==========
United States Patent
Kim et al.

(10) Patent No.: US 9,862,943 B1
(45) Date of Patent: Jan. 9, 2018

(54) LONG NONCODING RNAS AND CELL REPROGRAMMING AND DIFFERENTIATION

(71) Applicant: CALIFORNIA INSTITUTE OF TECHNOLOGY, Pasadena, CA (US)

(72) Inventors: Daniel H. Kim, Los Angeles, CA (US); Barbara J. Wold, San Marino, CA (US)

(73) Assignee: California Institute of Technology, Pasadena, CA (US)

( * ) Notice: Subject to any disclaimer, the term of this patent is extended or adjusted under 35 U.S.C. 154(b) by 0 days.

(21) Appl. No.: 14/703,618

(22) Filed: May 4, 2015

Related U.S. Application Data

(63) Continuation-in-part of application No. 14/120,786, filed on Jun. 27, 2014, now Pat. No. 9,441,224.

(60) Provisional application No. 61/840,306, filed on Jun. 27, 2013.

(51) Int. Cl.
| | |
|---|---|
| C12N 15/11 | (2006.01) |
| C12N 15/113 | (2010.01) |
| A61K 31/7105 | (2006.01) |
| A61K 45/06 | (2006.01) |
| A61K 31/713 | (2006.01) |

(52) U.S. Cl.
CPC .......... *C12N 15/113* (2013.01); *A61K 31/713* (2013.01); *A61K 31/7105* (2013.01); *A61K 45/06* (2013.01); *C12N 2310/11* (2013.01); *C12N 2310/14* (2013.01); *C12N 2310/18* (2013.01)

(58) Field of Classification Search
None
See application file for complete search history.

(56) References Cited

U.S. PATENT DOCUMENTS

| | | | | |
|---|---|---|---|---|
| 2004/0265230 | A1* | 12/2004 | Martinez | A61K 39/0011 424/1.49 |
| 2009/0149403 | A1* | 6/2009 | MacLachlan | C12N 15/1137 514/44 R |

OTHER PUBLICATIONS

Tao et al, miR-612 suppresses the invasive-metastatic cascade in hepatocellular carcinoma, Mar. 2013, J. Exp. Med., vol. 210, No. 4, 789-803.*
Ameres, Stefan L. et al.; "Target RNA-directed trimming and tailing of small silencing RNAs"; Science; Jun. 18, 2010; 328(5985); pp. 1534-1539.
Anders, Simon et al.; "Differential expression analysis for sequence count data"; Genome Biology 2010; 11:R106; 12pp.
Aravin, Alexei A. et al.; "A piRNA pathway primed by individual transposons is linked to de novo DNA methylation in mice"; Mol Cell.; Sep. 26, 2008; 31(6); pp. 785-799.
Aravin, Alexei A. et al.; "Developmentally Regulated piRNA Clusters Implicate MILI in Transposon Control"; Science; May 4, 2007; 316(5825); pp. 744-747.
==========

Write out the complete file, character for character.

United States Patent
Kim et al.

(10) Patent No.: US 9,862,943 B1
(45) Date of Patent: Jan. 9, 2018

(54) LONG NONCODING RNAS AND CELL REPROGRAMMING AND DIFFERENTIATION

(71) Applicant: CALIFORNIA INSTITUTE OF TECHNOLOGY, Pasadena, CA (US)

(72) Inventors: Daniel H. Kim, Los Angeles, CA (US); Barbara J. Wold, San Marino, CA (US)

(73) Assignee: California Institute of Technology, Pasadena, CA (US)

( * ) Notice: Subject to any disclaimer, the term of this patent is extended or adjusted under 35 U.S.C. 154(b) by 0 days.

(21) Appl. No.: 14/703,618

(22) Filed: May 4, 2015

Related U.S. Application Data

(63) Continuation-in-part of application No. 14/120,786, filed on Jun. 27, 2014, now Pat. No. 9,441,224.

(60) Provisional application No. 61/840,306, filed on Jun. 27, 2013.

(51) Int. Cl.
| | |
|---|---|
| C12N 15/11 | (2006.01) |
| C12N 15/113 | (2010.01) |
| A61K 31/7105 | (2006.01) |
| A61K 45/06 | (2006.01) |
| A61K 31/713 | (2006.01) |

(52) U.S. Cl.
CPC .......... *C12N 15/113* (2013.01); *A61K 31/713* (2013.01); *A61K 31/7105* (2013.01); *A61K 45/06* (2013.01); *C12N 2310/11* (2013.01); *C12N 2310/14* (2013.01); *C12N 2310/18* (2013.01)

(58) Field of Classification Search
None
See application file for complete search history.

(56) References Cited

U.S. PATENT DOCUMENTS

| | | | | |
|---|---|---|---|---|
| 2004/0265230 | A1* | 12/2004 | Martinez | A61K 39/0011 424/1.49 |
| 2009/0149403 | A1* | 6/2009 | MacLachlan | C12N 15/1137 514/44 R |

OTHER PUBLICATIONS

Tao et al, miR-612 suppresses the invasive-metastatic cascade in hepatocellular carcinoma, Mar. 2013, J. Exp. Med., vol. 210, No. 4, 789-803.*
Ameres, Stefan L. et al.; "Target RNA-directed trimming and tailing of small silencing RNAs"; Science; Jun. 18, 2010; 328(5985); pp. 1534-1539.
Anders, Simon et al.; "Differential expression analysis for sequence count data"; Genome Biology 2010; 11:R106; 12pp.
Aravin, Alexei A. et al.; "A piRNA pathway primed by individual transposons is linked to de novo DNA methylation in mice"; Mol Cell.; Sep. 26, 2008; 31(6); pp. 785-799.
Aravin, Alexei A. et al.; "Developmentally Regulated piRNA Clusters Implicate MILI in Transposon Control"; Science; May 4, 2007; 316(5825); pp. 744-747.